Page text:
ctrl - alt - 1, 2, 3, 4, 5
alt - E
alt - R
alt - O
alt - L
alt - space bar
ctrl - I
Actions Accessed Directly from the Computer Keyboard
Locate the current track. This will highlight the track you most recently loaded.
Pressing ctrl - L again will alternate between the tracks recently loaded on both decks.
Reveal - the highlighted song is opened in a file browser.
Find - moves the cursor to the search box.
Select all.
Copy text in edit mode.
Edit text.
Paste text in edit mode.
Cut text in edit mode.
Undo last track load.
Move focus up / down through the library or crates. Note that if you have a song highlighted in the song view, and
use shift - ctrl -   you will move up or down through the library or crates. When you release the shift or ctrl key,
the focus will go back to the song view so that you can move up and down through songs using  .
Add tracks to the prepare window.
Start a new mic recording.
Open the track in your default MP3/WAV/OGG/AIF player.
Zoom the main waveform display.
Zoom the library text size.
Alternate focus between crates or songs.
Remove track from library., remove track from crate, delete crate (does not delete the file).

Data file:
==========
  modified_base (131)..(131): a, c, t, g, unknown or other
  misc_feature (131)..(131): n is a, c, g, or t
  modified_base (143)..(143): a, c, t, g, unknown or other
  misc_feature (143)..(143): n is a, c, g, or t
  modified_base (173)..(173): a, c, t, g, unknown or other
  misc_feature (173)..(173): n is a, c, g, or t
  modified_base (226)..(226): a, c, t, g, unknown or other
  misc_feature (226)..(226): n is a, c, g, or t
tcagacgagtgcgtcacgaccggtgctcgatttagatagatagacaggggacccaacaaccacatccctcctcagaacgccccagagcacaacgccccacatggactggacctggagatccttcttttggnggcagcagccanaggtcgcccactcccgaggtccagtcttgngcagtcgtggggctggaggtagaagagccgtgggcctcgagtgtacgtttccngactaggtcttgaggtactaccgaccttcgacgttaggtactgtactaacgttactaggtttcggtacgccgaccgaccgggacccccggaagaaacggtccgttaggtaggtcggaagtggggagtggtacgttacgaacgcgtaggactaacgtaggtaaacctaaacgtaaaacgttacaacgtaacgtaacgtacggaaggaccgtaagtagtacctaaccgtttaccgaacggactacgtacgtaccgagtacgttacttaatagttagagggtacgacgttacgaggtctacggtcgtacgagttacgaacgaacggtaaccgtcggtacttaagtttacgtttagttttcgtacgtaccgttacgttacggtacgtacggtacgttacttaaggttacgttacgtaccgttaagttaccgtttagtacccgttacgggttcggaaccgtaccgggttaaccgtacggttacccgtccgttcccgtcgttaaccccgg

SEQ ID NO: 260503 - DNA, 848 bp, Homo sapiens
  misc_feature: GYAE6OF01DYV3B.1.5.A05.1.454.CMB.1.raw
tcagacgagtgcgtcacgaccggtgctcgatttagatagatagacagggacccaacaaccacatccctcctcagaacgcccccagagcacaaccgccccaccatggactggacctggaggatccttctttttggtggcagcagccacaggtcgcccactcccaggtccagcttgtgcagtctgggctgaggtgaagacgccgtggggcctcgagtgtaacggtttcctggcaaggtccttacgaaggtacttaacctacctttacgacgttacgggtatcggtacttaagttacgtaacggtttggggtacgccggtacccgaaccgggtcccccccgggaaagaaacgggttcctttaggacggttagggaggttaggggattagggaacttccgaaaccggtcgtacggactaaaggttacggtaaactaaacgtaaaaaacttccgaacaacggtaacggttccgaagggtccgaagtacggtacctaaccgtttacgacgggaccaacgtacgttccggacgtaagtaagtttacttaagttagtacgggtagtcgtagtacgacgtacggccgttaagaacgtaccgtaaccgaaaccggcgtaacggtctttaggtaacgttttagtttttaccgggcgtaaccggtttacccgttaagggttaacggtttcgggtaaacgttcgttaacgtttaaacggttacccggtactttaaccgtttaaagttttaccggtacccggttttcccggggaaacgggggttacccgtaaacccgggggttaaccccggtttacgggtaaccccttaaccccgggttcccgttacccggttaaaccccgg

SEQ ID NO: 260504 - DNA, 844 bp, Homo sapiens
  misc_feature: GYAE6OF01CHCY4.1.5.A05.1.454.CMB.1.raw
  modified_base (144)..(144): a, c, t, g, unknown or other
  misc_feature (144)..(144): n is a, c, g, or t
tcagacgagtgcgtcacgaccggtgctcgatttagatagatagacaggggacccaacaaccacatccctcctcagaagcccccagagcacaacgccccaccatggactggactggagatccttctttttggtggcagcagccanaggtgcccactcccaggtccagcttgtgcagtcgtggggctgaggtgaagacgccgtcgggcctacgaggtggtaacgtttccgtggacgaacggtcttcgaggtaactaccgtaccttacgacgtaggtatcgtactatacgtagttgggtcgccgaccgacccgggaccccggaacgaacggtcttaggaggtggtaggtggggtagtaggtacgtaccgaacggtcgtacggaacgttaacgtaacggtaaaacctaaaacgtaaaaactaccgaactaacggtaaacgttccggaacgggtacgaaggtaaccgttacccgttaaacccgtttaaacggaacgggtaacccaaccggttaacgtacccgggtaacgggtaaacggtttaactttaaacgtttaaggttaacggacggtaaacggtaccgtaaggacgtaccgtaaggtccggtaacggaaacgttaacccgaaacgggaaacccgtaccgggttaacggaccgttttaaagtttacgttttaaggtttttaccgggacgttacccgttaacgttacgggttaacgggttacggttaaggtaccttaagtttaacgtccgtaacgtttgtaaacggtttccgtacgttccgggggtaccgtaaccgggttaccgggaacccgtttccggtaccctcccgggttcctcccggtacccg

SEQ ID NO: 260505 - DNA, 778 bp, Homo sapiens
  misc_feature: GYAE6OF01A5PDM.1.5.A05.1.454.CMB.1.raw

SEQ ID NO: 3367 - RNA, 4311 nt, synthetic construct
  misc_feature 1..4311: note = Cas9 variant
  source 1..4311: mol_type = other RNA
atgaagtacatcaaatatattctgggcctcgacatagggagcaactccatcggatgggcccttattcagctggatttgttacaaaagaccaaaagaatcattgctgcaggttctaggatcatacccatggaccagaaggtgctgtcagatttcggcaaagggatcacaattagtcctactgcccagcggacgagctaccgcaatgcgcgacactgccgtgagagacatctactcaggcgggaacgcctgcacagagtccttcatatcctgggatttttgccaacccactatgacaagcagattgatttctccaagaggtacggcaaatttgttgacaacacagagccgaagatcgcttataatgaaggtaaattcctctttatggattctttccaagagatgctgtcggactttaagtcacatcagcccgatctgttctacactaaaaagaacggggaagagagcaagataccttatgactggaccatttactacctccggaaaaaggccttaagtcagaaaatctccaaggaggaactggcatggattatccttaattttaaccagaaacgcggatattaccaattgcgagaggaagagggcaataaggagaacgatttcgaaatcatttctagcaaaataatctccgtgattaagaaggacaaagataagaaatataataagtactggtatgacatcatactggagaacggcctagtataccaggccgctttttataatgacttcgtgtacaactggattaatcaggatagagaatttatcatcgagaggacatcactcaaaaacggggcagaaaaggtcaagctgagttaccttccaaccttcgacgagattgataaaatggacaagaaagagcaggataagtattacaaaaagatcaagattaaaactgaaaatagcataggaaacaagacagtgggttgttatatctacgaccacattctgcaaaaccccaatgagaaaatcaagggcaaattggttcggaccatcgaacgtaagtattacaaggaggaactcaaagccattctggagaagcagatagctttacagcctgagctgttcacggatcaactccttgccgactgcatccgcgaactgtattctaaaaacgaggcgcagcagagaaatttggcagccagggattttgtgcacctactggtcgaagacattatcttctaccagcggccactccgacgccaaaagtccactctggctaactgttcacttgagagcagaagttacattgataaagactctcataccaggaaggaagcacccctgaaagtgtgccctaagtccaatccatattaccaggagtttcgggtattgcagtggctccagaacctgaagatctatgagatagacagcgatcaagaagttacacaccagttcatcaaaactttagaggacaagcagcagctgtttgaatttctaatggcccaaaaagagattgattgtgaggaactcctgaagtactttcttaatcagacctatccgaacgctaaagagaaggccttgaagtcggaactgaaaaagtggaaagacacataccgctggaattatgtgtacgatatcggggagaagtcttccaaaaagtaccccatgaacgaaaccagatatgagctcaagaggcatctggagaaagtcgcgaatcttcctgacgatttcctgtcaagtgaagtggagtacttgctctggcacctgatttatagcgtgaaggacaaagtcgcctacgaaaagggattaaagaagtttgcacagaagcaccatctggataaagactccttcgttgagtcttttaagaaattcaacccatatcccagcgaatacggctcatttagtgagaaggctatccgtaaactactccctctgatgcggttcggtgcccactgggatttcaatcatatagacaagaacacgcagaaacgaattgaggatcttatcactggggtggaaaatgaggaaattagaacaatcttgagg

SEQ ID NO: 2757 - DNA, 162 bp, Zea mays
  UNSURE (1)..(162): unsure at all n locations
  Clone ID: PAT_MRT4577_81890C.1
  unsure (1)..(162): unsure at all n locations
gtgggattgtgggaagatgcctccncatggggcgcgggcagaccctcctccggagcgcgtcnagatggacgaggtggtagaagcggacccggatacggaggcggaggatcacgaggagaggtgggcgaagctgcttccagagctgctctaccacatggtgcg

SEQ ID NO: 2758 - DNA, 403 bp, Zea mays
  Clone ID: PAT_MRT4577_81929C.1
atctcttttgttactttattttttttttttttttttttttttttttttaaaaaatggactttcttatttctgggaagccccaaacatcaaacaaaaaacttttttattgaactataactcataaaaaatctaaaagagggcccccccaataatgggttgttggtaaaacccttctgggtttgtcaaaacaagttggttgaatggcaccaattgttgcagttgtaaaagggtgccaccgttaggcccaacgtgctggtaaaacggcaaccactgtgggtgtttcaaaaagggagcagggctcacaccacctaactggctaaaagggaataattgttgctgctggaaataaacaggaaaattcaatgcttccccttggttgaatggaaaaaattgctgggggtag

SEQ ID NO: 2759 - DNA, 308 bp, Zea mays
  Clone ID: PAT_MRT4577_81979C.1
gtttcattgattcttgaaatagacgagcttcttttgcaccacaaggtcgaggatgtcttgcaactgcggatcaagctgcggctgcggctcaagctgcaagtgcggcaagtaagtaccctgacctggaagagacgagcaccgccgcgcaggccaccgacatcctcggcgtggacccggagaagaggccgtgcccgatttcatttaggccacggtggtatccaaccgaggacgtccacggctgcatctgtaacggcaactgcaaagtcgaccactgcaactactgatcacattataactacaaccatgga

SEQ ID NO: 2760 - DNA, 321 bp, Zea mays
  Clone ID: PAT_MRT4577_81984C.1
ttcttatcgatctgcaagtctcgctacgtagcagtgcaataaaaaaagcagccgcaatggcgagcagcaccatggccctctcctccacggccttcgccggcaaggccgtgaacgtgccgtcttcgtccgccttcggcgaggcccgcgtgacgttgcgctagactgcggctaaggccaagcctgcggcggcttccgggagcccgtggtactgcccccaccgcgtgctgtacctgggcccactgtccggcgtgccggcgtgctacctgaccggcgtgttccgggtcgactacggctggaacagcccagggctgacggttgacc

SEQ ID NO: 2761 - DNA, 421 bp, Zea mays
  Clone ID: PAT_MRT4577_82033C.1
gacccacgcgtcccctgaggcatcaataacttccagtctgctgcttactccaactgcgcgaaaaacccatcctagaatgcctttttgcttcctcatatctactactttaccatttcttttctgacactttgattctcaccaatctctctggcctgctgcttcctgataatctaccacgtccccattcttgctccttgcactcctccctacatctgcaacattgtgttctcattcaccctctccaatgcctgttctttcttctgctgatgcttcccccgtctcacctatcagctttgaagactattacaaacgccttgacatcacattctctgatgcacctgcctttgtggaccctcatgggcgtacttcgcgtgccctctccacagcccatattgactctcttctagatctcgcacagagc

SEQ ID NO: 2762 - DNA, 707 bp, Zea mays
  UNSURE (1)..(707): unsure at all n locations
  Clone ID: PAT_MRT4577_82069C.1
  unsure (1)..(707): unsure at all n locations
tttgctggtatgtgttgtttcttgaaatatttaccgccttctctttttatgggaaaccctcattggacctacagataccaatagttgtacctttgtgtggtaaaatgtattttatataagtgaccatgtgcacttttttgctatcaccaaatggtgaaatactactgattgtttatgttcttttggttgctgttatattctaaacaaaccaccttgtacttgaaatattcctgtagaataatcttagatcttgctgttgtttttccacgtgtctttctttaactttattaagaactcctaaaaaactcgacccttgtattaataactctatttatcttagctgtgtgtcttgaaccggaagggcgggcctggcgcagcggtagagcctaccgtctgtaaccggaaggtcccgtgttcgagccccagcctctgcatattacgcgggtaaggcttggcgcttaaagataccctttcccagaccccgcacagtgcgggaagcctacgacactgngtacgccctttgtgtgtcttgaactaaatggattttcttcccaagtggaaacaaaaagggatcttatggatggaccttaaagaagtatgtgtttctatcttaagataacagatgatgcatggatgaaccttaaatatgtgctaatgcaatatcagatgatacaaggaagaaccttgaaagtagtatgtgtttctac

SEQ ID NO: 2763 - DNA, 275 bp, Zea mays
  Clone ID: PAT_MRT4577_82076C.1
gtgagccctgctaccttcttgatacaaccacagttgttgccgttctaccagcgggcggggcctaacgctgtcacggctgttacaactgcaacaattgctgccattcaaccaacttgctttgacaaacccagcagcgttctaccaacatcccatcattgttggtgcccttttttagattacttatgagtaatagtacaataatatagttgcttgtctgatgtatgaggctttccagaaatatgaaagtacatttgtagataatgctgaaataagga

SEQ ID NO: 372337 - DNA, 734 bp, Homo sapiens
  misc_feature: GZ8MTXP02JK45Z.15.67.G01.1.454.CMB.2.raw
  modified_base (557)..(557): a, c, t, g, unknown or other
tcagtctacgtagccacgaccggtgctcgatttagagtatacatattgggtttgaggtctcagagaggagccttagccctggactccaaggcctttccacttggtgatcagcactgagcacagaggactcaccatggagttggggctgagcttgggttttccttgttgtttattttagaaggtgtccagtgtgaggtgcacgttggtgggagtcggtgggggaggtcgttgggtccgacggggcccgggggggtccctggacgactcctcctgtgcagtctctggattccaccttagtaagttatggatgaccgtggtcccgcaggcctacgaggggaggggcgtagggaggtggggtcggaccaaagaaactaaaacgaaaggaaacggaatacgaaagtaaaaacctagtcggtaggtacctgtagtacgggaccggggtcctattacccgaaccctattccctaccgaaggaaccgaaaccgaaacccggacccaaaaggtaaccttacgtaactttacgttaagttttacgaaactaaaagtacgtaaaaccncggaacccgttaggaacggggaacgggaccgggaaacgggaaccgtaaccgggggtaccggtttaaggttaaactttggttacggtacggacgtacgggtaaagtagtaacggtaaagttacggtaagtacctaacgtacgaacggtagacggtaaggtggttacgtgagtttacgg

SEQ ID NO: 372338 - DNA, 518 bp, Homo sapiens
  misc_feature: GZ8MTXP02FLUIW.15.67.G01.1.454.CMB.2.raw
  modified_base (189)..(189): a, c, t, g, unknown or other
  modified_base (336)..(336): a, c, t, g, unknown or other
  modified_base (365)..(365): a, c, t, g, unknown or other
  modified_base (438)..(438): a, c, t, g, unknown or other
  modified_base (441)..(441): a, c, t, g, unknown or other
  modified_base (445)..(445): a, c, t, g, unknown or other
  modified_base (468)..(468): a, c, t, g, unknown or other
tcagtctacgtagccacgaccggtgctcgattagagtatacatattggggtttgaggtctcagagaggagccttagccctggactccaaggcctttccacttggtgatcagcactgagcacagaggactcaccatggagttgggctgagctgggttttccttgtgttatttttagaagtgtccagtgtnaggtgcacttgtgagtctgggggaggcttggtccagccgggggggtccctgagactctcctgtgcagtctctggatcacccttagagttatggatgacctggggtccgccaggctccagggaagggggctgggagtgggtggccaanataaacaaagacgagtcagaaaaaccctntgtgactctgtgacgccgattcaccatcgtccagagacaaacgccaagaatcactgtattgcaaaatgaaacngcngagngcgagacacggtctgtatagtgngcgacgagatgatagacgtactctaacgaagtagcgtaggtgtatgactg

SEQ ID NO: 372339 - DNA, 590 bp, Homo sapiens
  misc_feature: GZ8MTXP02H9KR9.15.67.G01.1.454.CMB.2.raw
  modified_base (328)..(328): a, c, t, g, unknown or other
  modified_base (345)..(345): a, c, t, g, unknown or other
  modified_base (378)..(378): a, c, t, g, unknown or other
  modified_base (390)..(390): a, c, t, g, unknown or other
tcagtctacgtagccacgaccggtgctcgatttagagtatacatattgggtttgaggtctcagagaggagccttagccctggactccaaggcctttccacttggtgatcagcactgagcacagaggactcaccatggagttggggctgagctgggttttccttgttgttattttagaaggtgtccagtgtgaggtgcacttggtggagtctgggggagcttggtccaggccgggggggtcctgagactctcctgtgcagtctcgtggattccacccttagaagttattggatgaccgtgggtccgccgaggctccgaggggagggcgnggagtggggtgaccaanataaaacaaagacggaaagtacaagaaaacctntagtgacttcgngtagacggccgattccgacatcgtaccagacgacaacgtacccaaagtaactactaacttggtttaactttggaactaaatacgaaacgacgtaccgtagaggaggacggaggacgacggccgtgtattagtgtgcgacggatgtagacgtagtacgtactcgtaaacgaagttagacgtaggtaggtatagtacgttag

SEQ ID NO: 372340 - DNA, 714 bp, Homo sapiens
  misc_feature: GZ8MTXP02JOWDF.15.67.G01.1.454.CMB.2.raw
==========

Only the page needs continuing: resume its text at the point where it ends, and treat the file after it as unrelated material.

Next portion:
Remove track from crate and from library.
Delete the file from your library and send to the recycle bin.
(Note to iTunes users: files in your iTunes library cannot be deleted this way).
Toggle the input reverse switch
Clear search string if searching, or exit Scratch Live.
slot 1
slot 2
slot 3
slot 4
slot 5
slot 6
ctrl - alt - Z ctrl - alt - X ctrl - alt - C ctrl - alt - V ctrl - alt - B ctrl - alt - N
Load the highlighted song to a deck.
Load the track currently on one deck onto the other deck as well (instant doubles).
Unload the track from a deck.
Place a cue point.
Place a cue point in a slot.
Jump to cue points slots.
(rel and int modes)
Switch deck to absolute mode.
Switch deck to relative mode.
Switch deck to internal mode.
Key lock on / off.
Play / pause reverse.
Play / pause forward.
Pitch down.
Pitch up.
Bend down.
(rel and int modes)
Bend up.
(rel and int modes)
(rel and int modes)
Go to temporary cue point.
(rel and int modes)
Set / adjust loop in-point.
Set / adjust loop out-point.
Loop on / off.
Jump to selected loop.
Load previous track.
Load next track.
Auto loop on / off.
Loop roll.
(rel and int modes)
Fast forward.
(rel and int modes)
Previous loop.
Next loop.
Activate the tempo tapper.
Set temporary cue point.
(rel and int modes)
ctrl -  or shift - 
ctrl - shift - 
shift - alt - 
ctrl - . (period)
ctrl - 6, 7, 8, 9, 0
6, 7, 8, 9, 0
ctrl - '
alt - A
alt - S
alt - 6, 7, 8, 9, 0
ctrl - alt - 6, 7, 8, 9, 0
alt - D
alt - F
alt - P
alt - ;
alt - space bar (x2)
ctrl - K